These Congress members are sleeping on the job — and defending their right to do it.
Crying poverty amid decade-long stagnant salaries and Washington’s steep cost of living, an increasing number of House lawmakers have turned into professional squatters at night, hitting the sack in their Capitol Hill offices — on everything from cots in closets to futons stashed behind constituent couches — to save a few bucks during the work week.
“Washington is too expensive,” said Rep. Dan Donovan (R-SI), who credits the cot that he sleeps on in a tiny alcove in his office as the reason he is able to serve in Congress while still paying his New York City housing costs.
“If we go to the point where you have to rent or have to buy [in DC], then only millionaires would be members of Congress,’’ he said. “I don’t think that was the intent of our Founding Fathers.”
But some of the penny-pinching pols’ colleagues are disgusted by what they call an unsanitary, undignified practice and want it banned.
Proposed legislation set to be introduced in the House as soon as this month would prohibit politicians from turning their offices into makeshift sleeping quarters, arguing that the move is violating IRS and congressional ethics rules.
“Look, it’s unhealthy. It’s nasty. I wouldn’t want to be entertained in somebody’s bedroom,” said Rep. Bennie Thompson (D-Miss.), who is among those spearheading the bill.
“Sleeping in your office is not proper’’ ethically, either, Thompson said. “You get free cable. Free electricity. Free janitorial. Free security. No rent. It’s a heck of a deal. It probably comes out to $25,000 to $30,000’’ a year that isn’t claimed at tax time.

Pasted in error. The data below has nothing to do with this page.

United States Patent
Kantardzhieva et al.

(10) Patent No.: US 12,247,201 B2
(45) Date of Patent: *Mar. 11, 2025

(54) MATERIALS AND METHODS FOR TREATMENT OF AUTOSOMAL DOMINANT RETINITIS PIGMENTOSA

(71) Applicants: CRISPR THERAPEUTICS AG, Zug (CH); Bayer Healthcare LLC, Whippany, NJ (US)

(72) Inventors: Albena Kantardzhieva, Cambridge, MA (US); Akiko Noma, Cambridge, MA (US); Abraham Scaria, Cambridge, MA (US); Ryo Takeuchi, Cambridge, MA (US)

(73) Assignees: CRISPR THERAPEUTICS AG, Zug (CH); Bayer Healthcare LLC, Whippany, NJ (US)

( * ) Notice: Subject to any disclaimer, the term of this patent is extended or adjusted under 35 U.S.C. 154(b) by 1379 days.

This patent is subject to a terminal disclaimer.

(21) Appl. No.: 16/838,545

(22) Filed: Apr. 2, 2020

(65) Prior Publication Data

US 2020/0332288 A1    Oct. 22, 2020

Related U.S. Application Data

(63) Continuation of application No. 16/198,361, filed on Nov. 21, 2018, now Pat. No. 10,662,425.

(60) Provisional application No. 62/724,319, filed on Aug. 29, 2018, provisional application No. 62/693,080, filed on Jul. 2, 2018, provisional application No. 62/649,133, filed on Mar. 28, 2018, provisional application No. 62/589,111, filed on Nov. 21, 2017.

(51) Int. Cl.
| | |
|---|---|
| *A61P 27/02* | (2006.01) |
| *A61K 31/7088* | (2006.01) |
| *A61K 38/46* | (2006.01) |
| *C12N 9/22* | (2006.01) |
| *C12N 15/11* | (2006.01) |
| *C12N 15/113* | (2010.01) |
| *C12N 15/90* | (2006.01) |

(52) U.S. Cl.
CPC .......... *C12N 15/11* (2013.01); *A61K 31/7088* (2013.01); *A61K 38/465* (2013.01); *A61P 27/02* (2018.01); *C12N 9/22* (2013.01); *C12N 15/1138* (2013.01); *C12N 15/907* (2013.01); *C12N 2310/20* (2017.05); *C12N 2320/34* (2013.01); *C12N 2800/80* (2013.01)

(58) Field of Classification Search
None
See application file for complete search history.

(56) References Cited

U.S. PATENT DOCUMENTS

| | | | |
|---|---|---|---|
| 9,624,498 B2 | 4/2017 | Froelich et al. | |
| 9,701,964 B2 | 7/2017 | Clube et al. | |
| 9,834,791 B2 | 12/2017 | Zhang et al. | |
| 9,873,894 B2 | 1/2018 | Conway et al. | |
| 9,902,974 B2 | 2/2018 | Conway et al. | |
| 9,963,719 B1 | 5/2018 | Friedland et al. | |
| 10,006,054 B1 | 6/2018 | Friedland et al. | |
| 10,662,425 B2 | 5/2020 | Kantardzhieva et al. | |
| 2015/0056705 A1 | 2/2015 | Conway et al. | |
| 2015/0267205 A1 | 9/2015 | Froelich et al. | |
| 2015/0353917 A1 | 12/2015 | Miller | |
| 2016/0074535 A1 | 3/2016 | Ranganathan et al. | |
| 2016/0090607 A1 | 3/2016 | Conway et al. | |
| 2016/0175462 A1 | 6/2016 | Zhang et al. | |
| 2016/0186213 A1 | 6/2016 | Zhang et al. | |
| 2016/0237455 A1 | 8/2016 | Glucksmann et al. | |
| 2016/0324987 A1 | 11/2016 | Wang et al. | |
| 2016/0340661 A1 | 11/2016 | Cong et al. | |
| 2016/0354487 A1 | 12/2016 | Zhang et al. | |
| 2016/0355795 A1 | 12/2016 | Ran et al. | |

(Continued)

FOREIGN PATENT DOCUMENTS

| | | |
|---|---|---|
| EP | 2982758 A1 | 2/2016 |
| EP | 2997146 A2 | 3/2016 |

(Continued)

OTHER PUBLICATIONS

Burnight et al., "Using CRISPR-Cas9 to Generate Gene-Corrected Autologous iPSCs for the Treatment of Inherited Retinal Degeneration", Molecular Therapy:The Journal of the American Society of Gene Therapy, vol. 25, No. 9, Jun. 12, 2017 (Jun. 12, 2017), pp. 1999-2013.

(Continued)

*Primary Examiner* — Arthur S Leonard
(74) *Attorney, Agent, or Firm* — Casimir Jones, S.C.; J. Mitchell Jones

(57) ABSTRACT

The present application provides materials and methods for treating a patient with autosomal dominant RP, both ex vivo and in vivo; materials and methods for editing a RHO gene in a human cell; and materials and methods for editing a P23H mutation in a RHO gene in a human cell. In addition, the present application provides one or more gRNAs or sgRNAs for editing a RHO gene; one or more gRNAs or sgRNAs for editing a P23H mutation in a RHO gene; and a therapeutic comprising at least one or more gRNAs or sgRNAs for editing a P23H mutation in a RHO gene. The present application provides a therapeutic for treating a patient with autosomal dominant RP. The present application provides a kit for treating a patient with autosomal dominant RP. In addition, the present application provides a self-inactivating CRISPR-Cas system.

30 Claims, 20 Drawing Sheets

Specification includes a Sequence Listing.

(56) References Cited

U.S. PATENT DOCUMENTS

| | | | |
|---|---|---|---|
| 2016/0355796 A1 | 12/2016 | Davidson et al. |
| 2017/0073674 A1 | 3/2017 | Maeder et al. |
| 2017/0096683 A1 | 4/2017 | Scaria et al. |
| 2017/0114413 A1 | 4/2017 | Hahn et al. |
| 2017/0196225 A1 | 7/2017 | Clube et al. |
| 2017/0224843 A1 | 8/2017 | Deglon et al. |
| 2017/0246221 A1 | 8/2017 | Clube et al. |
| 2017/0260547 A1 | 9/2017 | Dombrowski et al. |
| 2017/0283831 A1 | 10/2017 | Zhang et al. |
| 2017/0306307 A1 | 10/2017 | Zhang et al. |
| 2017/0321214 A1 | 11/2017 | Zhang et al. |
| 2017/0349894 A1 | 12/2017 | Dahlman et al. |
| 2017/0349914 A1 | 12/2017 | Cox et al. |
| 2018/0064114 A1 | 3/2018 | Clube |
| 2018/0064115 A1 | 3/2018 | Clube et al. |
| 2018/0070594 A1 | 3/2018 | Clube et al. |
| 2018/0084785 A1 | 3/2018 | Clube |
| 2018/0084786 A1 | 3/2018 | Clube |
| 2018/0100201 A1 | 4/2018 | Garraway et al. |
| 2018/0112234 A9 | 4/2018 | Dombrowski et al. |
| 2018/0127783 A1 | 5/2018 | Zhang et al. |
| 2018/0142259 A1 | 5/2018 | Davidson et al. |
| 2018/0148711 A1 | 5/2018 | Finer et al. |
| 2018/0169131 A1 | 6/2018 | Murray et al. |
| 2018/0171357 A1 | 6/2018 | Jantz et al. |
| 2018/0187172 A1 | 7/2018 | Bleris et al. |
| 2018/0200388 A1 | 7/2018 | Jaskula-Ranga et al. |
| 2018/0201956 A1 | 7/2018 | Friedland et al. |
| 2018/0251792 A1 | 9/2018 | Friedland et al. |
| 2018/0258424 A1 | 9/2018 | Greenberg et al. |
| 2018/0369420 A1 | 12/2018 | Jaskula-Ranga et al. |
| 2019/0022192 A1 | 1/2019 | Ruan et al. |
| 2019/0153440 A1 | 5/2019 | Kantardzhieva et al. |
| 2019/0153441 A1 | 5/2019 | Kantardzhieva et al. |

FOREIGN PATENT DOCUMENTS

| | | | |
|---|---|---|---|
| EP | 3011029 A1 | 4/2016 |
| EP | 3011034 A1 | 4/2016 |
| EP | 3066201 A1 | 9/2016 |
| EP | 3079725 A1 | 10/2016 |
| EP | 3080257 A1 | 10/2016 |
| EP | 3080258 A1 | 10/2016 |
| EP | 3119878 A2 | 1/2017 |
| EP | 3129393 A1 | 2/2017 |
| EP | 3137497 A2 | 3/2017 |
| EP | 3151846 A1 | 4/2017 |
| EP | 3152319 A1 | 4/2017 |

For the slumber-party pols who catch their nightly zzz’s on office cots after daylong lawmaking discussions and fund-raising dinners, the issue is simple: money.
Many of them previously got extra compensation, or a per diem, when they served in their home-state legislatures to cover their living expenses while at the state capitol. New York state lawmakers in Albany, for example, get $175 for each day they are in town. In other large cities such as Sacramento, Calif., the daily stipend rises to $183, and in Austin, Texas, it is $190.
But as members of the House, US reps receive a salary of $174,000 a year — a figure that hasn’t increased in nearly a decade — and no housing allowance, while working in a city where a sparse one-bedroom pad can start at $2,000 a month. Meanwhile, they also have to pay to maintain a residence in their home state.
Members of the House and Senate leadership seem to fare better, if only because they rake in nearly $20,000 more a year, or $193,400. There are few if any known examples of senators bunking down in their offices overnight.
While there is no official tally of the number of House hobos who turn their offices into makeshift bedrooms, interviews with members and several Post stakeouts of the congressional gym — where the live-in lawmakers shower — put the estimate at around 100 representatives, or more than one-fifth of the governing body. Publicly, about 50 members have ‘fessed up to it.
Their ranks include everyone from House Speaker Paul Ryan (R-Wisc.) and Majority Leader Kevin McCarthy (R-Calif.) to New York Reps. Donovan, Gregory Meeks (D-Queens/LI), Lee Zeldin (R-LI), John Katko (R-Syracuse) and Brian Higgins (D-Buffalo).
Zeldin, a military veteran, said sleeping on a bed he stores in his office closet makes him more efficient.